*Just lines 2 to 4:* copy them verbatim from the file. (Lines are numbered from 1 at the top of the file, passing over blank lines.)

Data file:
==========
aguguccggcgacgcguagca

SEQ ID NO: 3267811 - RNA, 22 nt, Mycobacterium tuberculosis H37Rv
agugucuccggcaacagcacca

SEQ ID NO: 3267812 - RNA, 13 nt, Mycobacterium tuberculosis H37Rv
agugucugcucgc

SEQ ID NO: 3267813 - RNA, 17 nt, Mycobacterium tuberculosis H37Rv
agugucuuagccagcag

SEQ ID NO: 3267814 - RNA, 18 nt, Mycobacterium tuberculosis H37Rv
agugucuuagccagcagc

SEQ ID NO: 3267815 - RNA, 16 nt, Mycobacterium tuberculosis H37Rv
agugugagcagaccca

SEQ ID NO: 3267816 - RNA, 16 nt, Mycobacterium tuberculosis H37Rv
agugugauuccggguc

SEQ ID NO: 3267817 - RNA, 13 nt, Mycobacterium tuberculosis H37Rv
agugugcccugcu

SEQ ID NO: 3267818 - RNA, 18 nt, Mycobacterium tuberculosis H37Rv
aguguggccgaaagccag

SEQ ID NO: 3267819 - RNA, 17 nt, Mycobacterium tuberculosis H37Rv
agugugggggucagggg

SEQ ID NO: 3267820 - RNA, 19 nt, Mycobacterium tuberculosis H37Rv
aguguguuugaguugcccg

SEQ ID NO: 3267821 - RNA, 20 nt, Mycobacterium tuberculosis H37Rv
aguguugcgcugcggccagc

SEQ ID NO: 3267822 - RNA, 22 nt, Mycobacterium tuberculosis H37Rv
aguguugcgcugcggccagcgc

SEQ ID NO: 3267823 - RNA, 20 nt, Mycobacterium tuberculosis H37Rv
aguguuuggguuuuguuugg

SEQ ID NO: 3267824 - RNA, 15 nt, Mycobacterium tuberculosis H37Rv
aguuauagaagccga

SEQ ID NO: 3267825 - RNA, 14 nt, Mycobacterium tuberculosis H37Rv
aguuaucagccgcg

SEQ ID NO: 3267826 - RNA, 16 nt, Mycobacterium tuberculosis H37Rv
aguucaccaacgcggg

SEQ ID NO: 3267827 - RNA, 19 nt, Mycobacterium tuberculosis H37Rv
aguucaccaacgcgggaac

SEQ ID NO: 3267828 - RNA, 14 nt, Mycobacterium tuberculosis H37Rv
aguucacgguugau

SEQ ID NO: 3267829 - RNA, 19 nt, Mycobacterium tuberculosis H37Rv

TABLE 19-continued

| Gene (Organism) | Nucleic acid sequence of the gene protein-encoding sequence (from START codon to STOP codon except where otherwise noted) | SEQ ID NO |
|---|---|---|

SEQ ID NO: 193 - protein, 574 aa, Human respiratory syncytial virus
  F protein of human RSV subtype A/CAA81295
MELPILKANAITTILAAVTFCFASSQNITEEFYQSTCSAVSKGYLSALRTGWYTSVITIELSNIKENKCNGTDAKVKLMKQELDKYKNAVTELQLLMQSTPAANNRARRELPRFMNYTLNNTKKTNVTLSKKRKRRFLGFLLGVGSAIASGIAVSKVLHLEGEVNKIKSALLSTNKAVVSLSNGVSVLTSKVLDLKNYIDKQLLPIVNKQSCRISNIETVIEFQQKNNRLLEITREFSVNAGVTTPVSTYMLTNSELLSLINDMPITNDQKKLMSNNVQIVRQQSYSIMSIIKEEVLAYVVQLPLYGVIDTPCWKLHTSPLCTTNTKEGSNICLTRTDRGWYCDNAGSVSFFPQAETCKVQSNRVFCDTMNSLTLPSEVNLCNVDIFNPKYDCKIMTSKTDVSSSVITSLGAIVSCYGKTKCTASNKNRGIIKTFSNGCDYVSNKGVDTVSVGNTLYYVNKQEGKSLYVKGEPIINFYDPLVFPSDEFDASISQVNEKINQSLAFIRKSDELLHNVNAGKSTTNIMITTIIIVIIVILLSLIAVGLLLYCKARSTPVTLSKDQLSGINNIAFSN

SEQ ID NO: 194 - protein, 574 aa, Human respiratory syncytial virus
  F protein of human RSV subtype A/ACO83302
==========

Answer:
SEQ ID NO: 3267811 - RNA, 22 nt, Mycobacterium tuberculosis H37Rv
agugucuccggcaacagcacca

SEQ ID NO: 3267812 - RNA, 13 nt, Mycobacterium tuberculosis H37Rv